Andy Murray prevailed in a see-saw U.S. Open final against Novak Djokovic on Tuesday to end Britain's 76-year wait for a male Grand Slam singles champion.
The 25-year-old Scot took nearly five hours to see off the defending champion for a 7-6(10), 7-5, 2-6, 3-6, 6-2 victory at Flushing Meadows, evoking Fred Perry's achievement of 1936.
Murray sank to his knees when Djokovic sent a baseline shot long on championship point, scarcely able to believe that he had captured a slam title that had stubbornly eluded him in four previous finals.
"Relief is probably the best word I would use to describe how I'm feeling just now," Murray said in comments carried by the tournament website.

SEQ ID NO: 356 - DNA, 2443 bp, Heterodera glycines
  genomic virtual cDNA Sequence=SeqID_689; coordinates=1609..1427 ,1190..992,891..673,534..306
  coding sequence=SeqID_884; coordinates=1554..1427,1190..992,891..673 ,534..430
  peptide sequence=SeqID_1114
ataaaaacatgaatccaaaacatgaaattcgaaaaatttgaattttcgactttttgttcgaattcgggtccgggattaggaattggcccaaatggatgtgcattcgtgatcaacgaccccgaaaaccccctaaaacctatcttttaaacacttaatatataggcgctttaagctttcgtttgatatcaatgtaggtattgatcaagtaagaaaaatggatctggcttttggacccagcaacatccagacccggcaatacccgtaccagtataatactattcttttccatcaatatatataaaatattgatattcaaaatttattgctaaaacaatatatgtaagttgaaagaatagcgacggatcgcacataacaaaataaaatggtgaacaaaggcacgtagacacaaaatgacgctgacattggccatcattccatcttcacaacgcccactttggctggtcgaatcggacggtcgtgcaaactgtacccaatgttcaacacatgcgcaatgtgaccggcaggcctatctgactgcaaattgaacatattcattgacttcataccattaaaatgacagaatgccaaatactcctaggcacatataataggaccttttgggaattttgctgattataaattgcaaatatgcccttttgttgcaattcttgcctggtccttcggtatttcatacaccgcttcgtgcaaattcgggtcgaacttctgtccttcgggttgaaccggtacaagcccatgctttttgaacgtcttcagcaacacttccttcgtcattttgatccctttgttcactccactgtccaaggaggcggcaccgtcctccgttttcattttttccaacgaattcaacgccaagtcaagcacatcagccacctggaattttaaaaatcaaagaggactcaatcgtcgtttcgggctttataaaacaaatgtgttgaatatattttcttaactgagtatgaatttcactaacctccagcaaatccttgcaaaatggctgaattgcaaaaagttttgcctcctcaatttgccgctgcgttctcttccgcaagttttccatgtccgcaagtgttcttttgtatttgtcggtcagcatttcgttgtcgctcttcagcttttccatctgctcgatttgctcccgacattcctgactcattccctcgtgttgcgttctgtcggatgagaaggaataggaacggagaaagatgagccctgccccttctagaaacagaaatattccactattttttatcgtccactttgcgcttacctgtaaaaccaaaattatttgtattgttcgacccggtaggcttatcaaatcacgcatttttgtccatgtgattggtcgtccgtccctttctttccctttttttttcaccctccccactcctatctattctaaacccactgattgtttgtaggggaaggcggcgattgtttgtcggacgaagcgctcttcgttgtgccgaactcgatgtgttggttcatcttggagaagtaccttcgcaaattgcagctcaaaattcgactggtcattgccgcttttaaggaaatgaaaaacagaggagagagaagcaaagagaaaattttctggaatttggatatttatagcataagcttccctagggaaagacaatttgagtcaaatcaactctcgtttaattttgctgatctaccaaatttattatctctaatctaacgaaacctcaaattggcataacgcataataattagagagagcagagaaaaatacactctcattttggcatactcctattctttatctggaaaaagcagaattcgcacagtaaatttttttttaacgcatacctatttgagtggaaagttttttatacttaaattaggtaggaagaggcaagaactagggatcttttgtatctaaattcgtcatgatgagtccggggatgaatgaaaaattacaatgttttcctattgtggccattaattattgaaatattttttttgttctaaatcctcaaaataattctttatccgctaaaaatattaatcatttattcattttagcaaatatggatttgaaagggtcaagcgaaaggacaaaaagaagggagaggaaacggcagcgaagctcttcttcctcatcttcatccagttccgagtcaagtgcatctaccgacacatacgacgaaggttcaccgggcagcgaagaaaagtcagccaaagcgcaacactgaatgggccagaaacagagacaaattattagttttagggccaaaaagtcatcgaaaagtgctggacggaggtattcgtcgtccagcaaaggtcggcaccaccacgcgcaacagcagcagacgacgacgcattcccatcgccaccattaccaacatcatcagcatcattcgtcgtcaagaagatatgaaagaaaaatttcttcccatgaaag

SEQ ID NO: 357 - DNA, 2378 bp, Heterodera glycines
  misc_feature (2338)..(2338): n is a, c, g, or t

"Yeah, very, very happy that I managed to come through because if I had lost this one from two sets up, that would have been a tough one to take."
Murray, the Olympic champion, tasted defeat in the U.S. Open final in 2008 against Roger Federer, and since then has been beaten by Federer or Djokovic in Australia and at Wimbledon.
He said he had been all too aware that he might set an unwanted record.
"You're still thinking, 'If I lose this one, no one's ever lost their first five finals.' I just didn't really want to be that person."
Djokovic, meanwhile, rued missing chance to take the initiative early in the match.
"If I won that first set and had some chances, maybe the match would go a different way," he said. "But look, you know, there is no reason to go back and say, 'What if? What if?' He's a Grand Slam winner, and he deserves to be there."
Many credit Murray's new coach Ivan Lendl with his success. The Czech great also failed in his first four finals before capturing the French Open in 1984, the first of eight slam titles.